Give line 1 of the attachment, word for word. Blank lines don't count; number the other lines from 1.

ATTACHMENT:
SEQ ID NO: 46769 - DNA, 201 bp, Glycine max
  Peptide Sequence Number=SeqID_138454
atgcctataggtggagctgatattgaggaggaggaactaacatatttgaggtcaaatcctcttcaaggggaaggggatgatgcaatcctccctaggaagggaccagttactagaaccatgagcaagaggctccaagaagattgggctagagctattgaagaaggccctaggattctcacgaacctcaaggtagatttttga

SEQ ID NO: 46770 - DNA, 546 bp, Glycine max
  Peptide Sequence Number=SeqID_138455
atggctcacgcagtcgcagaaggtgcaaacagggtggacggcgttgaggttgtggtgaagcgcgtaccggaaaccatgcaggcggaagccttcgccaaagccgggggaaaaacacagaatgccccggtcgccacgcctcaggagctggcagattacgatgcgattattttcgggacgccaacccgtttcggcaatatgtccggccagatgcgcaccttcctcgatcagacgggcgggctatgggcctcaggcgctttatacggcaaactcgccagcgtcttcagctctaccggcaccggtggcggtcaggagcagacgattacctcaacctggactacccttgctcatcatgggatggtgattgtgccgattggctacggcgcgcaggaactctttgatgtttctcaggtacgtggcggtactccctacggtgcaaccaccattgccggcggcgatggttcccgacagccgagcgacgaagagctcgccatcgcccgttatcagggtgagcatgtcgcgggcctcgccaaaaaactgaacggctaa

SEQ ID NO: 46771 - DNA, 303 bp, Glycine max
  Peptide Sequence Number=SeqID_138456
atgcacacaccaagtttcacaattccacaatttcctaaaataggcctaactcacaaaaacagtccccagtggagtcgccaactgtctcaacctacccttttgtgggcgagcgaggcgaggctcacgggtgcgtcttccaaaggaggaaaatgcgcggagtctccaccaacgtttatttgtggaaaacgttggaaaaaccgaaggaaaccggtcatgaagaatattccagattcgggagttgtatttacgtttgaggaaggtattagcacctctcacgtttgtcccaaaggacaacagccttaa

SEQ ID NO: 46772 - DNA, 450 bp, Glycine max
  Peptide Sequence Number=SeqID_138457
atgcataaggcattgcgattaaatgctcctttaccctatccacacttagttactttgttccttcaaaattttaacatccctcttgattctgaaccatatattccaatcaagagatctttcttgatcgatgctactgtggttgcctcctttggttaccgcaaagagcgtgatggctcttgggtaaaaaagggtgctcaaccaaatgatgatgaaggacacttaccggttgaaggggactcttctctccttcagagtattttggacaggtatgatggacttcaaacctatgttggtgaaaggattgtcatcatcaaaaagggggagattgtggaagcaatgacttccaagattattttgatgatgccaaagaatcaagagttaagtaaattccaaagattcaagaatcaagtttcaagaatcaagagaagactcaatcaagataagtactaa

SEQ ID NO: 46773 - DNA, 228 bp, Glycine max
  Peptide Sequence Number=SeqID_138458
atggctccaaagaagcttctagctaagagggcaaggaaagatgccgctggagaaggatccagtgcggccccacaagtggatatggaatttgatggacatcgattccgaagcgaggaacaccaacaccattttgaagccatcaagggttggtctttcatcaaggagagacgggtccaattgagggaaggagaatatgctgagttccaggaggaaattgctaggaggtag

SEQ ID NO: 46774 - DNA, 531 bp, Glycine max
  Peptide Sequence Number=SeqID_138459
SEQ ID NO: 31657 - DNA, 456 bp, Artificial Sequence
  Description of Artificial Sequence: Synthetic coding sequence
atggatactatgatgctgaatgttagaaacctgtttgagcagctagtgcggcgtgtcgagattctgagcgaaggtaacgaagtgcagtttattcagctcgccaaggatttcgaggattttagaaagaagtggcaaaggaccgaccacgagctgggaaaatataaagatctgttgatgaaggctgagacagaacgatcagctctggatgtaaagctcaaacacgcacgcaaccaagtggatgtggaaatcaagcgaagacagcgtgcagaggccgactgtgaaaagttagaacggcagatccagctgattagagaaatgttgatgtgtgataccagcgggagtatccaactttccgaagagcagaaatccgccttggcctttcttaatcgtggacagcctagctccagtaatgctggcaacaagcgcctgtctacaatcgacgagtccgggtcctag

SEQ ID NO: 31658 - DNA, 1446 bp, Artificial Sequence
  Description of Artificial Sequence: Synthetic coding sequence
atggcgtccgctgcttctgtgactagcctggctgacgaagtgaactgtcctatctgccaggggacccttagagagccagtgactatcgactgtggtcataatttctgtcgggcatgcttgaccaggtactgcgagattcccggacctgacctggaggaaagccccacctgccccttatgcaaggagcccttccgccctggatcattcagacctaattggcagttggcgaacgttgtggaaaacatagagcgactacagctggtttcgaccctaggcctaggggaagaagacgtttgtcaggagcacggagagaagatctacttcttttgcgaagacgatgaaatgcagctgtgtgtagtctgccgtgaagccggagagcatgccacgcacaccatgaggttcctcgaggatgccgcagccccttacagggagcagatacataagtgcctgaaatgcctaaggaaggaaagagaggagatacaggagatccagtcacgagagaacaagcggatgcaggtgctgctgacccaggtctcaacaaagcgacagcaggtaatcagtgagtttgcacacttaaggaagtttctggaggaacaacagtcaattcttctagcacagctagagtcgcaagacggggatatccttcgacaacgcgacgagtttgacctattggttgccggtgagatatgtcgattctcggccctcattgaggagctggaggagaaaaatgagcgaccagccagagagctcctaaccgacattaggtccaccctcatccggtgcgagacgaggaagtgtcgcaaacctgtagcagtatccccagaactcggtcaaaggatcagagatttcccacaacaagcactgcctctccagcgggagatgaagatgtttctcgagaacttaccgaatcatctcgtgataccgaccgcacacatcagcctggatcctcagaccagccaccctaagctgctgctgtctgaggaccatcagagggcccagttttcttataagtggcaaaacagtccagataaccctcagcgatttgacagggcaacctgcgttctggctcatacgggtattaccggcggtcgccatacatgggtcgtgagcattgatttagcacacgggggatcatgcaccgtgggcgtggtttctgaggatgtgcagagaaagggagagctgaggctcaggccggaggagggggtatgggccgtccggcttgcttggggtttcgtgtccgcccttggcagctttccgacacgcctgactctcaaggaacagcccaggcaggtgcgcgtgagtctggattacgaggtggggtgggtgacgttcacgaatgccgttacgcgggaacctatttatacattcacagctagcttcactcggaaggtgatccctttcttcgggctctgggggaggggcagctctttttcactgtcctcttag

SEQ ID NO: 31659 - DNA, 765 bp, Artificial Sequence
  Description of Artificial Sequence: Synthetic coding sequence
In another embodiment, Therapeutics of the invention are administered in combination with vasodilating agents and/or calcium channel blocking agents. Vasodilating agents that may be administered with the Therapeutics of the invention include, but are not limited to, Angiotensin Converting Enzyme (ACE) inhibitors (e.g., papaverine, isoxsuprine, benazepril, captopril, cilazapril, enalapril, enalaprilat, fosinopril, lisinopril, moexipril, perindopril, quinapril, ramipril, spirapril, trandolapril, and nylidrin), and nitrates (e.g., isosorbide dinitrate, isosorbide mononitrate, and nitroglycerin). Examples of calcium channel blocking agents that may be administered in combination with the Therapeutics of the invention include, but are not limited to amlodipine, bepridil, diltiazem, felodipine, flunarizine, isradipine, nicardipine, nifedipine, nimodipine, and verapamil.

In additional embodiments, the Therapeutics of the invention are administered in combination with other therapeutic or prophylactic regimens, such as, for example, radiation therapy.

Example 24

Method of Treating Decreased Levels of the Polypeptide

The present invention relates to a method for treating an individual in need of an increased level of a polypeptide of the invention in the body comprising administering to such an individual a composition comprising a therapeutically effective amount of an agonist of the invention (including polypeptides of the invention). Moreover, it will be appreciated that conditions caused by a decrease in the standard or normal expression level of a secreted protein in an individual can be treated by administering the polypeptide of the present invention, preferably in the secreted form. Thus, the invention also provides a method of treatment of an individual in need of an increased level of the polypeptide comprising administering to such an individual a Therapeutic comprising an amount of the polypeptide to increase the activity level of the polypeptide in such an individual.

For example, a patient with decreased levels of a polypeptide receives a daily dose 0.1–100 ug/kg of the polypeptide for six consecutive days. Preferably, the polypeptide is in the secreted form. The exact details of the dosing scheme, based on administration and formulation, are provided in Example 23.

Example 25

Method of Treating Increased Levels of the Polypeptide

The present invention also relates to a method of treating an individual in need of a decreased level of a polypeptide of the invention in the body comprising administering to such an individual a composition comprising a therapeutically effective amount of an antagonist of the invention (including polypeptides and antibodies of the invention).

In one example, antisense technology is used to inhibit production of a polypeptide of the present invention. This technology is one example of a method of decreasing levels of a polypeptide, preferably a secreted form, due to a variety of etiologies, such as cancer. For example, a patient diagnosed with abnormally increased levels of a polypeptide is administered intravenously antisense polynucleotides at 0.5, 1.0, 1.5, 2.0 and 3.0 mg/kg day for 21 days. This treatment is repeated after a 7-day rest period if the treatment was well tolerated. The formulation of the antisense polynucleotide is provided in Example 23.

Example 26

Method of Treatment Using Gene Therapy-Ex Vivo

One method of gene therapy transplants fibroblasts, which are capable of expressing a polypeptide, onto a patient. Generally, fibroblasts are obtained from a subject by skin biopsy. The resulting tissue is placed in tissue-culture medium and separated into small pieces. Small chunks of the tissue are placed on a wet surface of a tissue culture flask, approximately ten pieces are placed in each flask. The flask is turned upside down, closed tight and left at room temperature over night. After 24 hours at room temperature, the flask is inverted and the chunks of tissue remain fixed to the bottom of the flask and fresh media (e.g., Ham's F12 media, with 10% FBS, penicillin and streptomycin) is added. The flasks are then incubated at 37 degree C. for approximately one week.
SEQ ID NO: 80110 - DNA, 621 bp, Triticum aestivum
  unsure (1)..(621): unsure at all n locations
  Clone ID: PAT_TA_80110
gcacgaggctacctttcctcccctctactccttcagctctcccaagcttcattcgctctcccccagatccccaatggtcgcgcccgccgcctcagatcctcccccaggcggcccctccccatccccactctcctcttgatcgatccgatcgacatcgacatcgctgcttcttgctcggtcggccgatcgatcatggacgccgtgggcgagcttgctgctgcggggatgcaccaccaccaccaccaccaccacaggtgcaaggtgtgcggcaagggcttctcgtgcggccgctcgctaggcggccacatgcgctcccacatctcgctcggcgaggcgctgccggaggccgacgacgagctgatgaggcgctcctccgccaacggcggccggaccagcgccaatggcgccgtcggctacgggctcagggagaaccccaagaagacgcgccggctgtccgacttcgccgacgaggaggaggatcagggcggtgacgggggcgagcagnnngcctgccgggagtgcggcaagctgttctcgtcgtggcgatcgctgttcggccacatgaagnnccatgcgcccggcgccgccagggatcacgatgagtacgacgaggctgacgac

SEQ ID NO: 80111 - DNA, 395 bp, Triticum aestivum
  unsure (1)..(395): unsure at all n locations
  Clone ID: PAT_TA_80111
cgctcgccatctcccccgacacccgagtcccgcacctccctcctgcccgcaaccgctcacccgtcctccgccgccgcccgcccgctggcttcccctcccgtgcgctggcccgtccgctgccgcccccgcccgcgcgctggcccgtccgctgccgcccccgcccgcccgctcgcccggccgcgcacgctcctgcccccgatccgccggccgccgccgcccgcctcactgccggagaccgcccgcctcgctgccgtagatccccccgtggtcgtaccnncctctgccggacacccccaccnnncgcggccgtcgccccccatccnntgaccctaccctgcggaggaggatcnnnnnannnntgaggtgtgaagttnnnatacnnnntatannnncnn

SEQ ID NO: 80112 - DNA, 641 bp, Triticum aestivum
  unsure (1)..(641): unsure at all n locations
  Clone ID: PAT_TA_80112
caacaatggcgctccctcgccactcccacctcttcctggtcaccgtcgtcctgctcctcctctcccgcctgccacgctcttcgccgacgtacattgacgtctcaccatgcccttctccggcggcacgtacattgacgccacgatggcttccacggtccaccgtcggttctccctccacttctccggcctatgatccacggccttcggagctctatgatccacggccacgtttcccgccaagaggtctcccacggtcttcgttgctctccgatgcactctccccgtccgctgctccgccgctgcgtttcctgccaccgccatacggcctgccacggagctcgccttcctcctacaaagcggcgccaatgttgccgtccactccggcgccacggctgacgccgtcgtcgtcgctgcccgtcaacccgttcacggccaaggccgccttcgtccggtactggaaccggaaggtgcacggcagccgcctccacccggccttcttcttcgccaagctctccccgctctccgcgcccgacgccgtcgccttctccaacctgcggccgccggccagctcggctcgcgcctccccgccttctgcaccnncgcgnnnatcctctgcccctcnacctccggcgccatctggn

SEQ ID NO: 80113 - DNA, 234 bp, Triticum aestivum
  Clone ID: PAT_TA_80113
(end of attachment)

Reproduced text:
SEQ ID NO: 46769 - DNA, 201 bp, Glycine max